As for the number of plays, it really comes down to the Cal defense. Oregon isn't even averaging 75 plays per game, mostly because few teams can slow them down. If Cal's defense makes Oregon work for their scores, both teams could surpass 90 plays.

2. What were your biggest questions when Mark Helfrich took over the program and has he properly addressed them?

Takimoto: The questions were mainly about the in-game offense. The program stayed virtually the same, and the players buy into Helfrich the same way they bought into Kelly. And the offense through three games (61 points per) has answered.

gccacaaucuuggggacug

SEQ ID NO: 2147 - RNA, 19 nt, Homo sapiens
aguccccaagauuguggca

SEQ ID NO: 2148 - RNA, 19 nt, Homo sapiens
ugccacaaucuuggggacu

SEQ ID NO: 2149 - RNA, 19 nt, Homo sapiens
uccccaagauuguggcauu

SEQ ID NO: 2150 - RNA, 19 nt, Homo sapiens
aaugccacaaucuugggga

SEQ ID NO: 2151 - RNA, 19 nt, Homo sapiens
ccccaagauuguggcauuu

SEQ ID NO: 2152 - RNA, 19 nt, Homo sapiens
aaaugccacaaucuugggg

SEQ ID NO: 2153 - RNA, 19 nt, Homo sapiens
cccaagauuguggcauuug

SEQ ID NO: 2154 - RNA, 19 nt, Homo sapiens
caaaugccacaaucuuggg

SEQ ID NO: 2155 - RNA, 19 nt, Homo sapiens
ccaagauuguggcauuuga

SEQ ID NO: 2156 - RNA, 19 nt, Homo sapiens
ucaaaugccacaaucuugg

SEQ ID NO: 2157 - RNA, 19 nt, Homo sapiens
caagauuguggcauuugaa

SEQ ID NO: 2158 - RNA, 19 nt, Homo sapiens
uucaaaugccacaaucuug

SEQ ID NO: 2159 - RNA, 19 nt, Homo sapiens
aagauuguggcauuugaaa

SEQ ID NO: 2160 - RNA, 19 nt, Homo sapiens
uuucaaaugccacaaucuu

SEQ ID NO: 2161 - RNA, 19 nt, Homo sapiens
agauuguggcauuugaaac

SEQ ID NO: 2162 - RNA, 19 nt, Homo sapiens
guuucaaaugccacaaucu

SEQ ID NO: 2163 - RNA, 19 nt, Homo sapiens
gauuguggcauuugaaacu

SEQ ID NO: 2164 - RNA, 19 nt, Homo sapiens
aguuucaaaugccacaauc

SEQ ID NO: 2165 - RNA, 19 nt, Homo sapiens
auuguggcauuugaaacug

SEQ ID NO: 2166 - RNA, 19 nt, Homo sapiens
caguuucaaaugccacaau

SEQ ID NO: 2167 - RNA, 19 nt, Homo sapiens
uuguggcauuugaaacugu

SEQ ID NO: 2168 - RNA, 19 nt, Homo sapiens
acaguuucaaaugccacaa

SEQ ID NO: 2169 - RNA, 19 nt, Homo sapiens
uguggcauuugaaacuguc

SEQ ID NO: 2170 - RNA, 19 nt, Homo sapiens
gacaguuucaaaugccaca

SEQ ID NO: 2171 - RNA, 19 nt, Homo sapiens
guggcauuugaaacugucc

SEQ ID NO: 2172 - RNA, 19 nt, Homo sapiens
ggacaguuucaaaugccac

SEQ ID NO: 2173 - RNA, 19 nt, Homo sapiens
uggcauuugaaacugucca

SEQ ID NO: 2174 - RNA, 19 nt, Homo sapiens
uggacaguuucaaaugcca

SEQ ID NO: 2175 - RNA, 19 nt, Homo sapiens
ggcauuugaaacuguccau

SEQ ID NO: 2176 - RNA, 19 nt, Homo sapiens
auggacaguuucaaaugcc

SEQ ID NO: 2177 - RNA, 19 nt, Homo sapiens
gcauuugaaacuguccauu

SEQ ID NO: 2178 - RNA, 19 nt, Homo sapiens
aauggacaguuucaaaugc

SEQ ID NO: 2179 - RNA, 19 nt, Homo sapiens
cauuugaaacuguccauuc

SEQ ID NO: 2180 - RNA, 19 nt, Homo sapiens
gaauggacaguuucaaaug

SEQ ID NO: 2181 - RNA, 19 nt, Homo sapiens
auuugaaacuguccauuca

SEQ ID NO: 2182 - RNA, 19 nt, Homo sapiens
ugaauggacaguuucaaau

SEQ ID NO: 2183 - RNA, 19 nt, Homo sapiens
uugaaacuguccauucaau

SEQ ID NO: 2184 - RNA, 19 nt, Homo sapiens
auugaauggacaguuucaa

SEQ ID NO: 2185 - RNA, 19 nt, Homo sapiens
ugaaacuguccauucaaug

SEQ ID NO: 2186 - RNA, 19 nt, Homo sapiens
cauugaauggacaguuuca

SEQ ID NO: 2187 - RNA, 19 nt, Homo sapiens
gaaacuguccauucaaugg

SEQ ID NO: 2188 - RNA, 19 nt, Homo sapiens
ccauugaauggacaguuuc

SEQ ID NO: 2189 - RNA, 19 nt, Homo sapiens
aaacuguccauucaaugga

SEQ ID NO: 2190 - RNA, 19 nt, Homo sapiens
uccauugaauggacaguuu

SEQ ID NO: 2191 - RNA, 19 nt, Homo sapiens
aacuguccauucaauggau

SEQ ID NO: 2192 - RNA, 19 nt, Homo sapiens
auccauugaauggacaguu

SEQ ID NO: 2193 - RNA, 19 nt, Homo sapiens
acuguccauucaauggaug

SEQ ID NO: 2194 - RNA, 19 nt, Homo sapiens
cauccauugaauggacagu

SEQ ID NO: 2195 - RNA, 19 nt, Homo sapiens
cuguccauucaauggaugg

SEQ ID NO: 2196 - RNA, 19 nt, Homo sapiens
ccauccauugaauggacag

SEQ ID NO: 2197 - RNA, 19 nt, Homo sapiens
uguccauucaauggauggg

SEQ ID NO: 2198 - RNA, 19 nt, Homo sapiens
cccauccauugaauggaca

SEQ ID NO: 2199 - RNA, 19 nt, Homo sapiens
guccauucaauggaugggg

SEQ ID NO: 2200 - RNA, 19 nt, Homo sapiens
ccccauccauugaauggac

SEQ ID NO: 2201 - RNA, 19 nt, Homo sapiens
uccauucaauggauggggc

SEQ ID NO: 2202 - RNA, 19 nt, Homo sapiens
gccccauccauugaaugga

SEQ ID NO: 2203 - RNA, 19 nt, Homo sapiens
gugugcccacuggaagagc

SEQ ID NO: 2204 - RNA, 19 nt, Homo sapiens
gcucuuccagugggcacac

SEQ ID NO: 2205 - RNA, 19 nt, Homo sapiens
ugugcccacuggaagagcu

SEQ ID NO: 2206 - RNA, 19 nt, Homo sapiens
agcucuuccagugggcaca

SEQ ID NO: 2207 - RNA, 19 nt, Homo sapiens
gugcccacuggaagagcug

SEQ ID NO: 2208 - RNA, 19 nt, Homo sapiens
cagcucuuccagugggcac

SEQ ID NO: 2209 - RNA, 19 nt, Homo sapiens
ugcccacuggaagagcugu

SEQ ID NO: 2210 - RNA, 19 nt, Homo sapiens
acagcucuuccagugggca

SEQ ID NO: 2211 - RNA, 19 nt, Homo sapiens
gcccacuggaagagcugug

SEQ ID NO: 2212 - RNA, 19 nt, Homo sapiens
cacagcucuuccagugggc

AddictedToQuack: I'm not sure there were a ton of questions when Helfrich took over. I would guess the main one is how much the offense would change under his leadership. There were thoughts that Helfrich would pass the ball a lot more, and that happened during the Tennessee game, where Marcus Mariota passed for over 450 yards. However, it was heavily balanced toward the run game in the first two games. I think this was just a case of Helfrich exploiting the defense's weakest unit. Three weeks in, there aren't a whole lot of questions. This team isn't even playing all that well, and they're just plowing over teams.